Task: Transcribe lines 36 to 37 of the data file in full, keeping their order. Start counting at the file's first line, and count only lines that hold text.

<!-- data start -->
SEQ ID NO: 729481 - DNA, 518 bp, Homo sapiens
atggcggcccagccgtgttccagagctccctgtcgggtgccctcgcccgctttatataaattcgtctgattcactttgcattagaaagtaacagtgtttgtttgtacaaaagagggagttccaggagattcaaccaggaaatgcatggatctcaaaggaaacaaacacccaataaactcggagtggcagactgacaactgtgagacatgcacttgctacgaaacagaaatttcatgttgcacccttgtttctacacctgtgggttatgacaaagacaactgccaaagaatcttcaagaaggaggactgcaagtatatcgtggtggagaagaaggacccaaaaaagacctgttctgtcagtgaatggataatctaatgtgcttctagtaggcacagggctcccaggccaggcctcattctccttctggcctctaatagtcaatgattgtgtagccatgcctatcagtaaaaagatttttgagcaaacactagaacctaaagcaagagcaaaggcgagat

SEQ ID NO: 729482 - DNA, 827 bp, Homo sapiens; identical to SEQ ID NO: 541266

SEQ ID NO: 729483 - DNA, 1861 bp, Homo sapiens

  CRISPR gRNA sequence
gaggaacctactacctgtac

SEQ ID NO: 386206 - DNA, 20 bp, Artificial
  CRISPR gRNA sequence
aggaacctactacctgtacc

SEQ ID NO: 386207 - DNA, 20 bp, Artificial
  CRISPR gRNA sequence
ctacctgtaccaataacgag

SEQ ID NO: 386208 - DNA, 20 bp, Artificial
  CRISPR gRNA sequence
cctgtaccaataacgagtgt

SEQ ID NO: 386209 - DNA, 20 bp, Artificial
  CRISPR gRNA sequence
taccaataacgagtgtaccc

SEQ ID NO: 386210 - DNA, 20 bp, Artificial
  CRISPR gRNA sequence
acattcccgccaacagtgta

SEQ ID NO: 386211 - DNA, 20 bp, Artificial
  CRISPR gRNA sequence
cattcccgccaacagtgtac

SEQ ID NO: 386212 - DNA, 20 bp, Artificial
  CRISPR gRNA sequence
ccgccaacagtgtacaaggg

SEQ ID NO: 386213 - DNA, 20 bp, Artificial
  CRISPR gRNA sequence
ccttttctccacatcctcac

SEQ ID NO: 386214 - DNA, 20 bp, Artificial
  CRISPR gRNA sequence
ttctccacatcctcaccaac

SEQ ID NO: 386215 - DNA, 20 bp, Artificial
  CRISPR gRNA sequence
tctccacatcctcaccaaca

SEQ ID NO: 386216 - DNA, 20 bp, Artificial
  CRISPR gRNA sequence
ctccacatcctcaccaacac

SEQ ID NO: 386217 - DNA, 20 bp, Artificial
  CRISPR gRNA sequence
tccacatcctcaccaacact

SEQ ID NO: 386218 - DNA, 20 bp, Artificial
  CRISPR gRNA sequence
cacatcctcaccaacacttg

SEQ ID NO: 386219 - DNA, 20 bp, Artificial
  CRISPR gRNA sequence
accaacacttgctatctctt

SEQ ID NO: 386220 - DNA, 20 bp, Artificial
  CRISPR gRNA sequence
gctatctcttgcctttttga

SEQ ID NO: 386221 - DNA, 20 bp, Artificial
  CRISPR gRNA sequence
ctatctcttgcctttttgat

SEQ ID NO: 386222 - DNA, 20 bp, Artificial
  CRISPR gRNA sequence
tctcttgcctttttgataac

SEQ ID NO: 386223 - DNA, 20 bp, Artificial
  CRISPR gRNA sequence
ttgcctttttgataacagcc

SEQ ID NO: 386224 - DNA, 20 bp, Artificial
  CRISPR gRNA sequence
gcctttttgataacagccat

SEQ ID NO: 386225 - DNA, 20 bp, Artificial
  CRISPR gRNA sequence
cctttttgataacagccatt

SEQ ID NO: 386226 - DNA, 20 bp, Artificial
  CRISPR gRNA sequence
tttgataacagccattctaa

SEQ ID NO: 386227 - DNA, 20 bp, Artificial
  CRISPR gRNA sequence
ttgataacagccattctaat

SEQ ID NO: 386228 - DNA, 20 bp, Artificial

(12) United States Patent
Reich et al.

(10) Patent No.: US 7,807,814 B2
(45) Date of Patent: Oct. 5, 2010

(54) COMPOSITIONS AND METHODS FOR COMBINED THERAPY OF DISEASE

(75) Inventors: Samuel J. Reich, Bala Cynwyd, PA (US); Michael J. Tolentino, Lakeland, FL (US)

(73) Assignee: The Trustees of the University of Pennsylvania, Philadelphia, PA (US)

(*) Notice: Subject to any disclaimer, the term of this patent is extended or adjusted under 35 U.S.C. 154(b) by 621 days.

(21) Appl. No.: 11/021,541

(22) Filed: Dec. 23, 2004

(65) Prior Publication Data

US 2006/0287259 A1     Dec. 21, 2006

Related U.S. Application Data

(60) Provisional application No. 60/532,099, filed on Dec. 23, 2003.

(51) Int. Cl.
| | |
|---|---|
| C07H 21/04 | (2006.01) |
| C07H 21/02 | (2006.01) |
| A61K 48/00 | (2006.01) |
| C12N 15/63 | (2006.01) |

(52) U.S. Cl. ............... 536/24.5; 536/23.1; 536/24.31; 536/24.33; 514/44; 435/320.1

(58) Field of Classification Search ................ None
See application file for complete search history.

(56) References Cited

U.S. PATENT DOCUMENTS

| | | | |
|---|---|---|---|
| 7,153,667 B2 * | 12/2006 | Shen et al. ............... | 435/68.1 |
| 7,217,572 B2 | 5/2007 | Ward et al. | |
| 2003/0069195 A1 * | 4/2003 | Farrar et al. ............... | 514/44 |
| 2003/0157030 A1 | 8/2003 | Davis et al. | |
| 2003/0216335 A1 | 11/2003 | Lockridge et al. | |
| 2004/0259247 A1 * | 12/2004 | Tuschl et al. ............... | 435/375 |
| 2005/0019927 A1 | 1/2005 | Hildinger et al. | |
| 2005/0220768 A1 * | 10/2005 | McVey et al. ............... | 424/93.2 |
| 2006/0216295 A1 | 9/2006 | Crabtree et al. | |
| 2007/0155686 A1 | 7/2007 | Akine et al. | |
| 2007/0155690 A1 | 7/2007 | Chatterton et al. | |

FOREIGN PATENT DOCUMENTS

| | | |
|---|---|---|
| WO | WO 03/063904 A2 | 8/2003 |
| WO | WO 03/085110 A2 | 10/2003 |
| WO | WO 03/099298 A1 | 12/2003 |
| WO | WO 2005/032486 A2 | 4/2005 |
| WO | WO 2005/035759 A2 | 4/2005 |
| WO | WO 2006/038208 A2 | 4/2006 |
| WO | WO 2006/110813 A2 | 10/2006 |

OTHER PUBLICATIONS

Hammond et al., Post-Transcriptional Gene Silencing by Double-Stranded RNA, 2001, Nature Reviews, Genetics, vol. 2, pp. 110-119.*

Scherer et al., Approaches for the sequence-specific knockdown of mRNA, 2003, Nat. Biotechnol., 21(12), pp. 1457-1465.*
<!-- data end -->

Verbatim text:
tctccacatcctcaccaaca

SEQ ID NO: 386216 - DNA, 20 bp, Artificial